In 1990 the body of the machine was built and after the tests wass added to the army in 1992. the developers received the National Prize once again. That was the time when the USSR was 10 years forward in the lasers construction in comparison to other countries.
thats a monster of a support system. I wonder what kind of battery power was needed.
heres some info i gathered,...
http://gizmodo.com/5715192/the-secret-soviet-laser-tankthe 1K17 tank—which used 66-pound synthetic ruby rods at the heart of its laser system—wasn't designed to destroy enemy fighters. Its objective was to blind pilots and weapons systems, dazzling optical and electronic mechanisms even under the most severe weather conditions.
google translation:It was a complex of new generation with automatic search and guidance on glossy object multichannel laser radiation (solid-state laser on aluminum oxide Al2O3) in which a small portion of aluminum atoms substituted by trivalent chromium, or simply - in a ruby crystal. To create a population inversion using optical pumping, ie, lighting, crystal, ruby powerful flash of light. Rubin shaped into a cylindrical rod whose ends carefully polished, silver-plated, and serve as a mirror for the laser. To highlight the ruby rod used pulsed xenon discharge flash lamp, through which the discharged battery of high voltage capacitors. Flash lamp has the shape of a spiral tube, twine around the ruby rod. Under the action of powerful light pulse in a ruby rod creates a population inversion, and thanks to the mirrors, lasing is excited, the duration of which slightly less than the duration of the flash lamp pumping. Especially for the "compression" has been grown artificial crystal weighing about 30 kg - "laser gun" in this sense cost "a lot of money." New installation required large amounts of energy. For its power powerful generators, battery-powered auxiliary power unit (APU) was used.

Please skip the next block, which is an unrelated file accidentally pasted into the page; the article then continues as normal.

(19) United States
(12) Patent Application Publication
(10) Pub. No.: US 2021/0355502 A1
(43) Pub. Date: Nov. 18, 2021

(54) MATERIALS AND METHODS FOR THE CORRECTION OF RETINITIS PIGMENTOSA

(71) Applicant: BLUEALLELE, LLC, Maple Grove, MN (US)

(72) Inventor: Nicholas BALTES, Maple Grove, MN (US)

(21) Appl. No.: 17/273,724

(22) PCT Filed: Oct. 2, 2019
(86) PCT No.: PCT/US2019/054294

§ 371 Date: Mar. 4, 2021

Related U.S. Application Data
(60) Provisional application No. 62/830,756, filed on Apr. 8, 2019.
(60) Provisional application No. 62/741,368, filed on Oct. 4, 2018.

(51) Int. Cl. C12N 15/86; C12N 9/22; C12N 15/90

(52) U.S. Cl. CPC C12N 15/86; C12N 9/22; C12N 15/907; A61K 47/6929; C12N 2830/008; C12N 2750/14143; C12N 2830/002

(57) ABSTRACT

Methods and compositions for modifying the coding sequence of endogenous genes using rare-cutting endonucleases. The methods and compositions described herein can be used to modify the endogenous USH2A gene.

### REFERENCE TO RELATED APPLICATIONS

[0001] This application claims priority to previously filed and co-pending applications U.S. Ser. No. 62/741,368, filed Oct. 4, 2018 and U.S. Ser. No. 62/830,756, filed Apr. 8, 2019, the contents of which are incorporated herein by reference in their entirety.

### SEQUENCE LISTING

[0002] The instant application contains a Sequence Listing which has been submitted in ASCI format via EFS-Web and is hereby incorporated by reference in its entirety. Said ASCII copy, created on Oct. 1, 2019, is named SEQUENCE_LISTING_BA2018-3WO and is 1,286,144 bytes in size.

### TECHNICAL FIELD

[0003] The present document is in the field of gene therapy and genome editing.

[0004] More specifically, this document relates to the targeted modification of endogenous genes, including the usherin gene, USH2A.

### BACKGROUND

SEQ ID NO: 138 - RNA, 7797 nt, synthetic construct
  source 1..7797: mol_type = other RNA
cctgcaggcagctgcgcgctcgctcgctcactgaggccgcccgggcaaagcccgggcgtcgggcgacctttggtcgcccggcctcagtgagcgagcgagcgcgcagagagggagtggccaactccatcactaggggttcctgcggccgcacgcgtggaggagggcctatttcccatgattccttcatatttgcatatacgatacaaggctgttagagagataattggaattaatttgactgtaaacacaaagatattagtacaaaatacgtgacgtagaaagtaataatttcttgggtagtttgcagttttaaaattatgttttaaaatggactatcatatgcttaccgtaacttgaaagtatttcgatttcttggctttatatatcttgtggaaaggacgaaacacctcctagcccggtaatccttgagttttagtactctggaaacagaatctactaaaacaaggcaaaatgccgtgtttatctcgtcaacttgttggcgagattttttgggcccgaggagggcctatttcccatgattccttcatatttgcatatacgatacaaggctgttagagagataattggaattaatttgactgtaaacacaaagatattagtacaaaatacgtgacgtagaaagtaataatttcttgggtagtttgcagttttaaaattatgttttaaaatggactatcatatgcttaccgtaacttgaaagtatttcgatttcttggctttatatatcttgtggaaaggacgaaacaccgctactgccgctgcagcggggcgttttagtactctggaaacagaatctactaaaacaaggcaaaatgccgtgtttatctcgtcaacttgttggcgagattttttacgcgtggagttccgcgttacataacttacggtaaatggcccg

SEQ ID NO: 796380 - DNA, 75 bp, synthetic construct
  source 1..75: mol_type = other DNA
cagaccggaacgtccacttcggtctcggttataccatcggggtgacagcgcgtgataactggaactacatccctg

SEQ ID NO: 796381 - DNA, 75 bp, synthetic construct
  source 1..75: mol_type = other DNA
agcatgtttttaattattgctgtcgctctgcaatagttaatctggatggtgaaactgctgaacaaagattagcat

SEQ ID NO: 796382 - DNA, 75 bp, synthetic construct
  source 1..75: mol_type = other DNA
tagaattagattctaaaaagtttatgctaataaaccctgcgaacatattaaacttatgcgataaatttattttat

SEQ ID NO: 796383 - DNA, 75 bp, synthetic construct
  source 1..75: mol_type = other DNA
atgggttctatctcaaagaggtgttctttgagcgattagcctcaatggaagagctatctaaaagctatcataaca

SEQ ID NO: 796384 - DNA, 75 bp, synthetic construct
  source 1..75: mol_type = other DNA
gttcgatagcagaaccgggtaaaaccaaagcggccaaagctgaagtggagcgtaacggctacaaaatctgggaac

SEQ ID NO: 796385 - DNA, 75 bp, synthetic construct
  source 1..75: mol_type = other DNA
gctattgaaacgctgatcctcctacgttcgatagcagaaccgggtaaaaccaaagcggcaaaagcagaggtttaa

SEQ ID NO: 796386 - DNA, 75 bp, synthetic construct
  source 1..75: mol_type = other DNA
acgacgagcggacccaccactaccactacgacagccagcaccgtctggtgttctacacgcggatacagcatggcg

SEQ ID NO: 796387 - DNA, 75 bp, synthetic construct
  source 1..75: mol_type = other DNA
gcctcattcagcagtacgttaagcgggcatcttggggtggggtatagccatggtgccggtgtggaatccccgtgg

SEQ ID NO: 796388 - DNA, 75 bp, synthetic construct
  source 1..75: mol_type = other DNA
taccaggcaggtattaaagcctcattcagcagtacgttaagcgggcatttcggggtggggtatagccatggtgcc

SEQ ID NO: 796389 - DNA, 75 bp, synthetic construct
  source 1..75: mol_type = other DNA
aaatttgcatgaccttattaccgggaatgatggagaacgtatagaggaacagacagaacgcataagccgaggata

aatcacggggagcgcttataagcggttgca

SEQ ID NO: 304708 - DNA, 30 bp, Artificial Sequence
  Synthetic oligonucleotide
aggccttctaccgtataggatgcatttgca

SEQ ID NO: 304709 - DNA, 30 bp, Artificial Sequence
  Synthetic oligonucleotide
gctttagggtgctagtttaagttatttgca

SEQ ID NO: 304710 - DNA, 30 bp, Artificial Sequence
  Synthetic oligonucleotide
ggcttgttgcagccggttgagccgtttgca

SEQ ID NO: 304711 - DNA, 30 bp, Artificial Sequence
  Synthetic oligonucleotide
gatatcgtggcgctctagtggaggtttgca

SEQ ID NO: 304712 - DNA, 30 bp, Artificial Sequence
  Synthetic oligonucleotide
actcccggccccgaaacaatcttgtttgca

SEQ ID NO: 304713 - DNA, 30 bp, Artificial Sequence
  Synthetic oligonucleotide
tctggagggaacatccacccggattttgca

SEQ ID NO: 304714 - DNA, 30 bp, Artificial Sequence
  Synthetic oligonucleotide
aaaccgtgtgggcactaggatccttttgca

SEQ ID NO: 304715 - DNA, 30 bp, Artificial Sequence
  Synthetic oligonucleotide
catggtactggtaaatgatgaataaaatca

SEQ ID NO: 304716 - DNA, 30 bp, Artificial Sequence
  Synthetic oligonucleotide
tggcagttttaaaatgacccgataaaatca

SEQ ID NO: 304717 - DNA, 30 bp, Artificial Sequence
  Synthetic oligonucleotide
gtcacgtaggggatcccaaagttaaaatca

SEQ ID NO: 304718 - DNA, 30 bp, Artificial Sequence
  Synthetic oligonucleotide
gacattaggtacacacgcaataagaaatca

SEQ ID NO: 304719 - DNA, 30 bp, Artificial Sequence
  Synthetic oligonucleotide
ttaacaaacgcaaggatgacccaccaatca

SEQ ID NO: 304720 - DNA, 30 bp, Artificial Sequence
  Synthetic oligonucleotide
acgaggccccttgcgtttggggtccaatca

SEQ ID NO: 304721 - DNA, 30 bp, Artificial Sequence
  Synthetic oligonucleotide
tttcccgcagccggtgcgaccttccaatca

I vaguely recall the US having a system in development to blind enemy optics(and their operators) with the acronym CLAW or somesuch....I think I recall it being cancelled for being inhumane.
They had many systems, one laser defence system was even fielded in limited numbers in combat during ODS on some M2 IFV's, it was AN/VLQ-7 Active Protection System, that scanned field with one laser beam to search enemy optics, and with secojd stronger beam it destroyed these optics... it was however put back in magazines and was not seen later because of concerns about blinding humans.FlaggI vaguely recall the US having a system in development to blind enemy optics(and their operators) with the acronym CLAW or somesuch....I think I recall it being cancelled for being inhumane.